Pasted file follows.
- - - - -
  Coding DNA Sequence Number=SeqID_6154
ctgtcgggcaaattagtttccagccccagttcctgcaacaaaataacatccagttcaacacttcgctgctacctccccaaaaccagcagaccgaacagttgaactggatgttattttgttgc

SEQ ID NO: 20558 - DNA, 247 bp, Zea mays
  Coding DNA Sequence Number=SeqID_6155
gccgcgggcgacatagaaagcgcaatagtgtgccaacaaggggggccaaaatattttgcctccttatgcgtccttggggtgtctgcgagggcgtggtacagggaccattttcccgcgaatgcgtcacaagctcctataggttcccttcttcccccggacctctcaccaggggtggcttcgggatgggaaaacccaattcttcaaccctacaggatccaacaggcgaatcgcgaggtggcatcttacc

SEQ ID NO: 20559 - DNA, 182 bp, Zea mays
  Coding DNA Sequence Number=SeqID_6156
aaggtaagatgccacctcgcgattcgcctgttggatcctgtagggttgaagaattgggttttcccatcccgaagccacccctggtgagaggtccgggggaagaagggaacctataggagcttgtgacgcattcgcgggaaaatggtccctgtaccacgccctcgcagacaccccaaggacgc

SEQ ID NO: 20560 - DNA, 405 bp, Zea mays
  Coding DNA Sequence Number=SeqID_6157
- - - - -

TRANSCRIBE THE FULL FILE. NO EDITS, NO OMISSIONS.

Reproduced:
  Coding DNA Sequence Number=SeqID_6154
ctgtcgggcaaattagtttccagccccagttcctgcaacaaaataacatccagttcaacacttcgctgctacctccccaaaaccagcagaccgaacagttgaactggatgttattttgttgc

SEQ ID NO: 20558 - DNA, 247 bp, Zea mays
  Coding DNA Sequence Number=SeqID_6155
gccgcgggcgacatagaaagcgcaatagtgtgccaacaaggggggccaaaatattttgcctccttatgcgtccttggggtgtctgcgagggcgtggtacagggaccattttcccgcgaatgcgtcacaagctcctataggttcccttcttcccccggacctctcaccaggggtggcttcgggatgggaaaacccaattcttcaaccctacaggatccaacaggcgaatcgcgaggtggcatcttacc

SEQ ID NO: 20559 - DNA, 182 bp, Zea mays
  Coding DNA Sequence Number=SeqID_6156
aaggtaagatgccacctcgcgattcgcctgttggatcctgtagggttgaagaattgggttttcccatcccgaagccacccctggtgagaggtccgggggaagaagggaacctataggagcttgtgacgcattcgcgggaaaatggtccctgtaccacgccctcgcagacaccccaaggacgc

SEQ ID NO: 20560 - DNA, 405 bp, Zea mays
  Coding DNA Sequence Number=SeqID_6157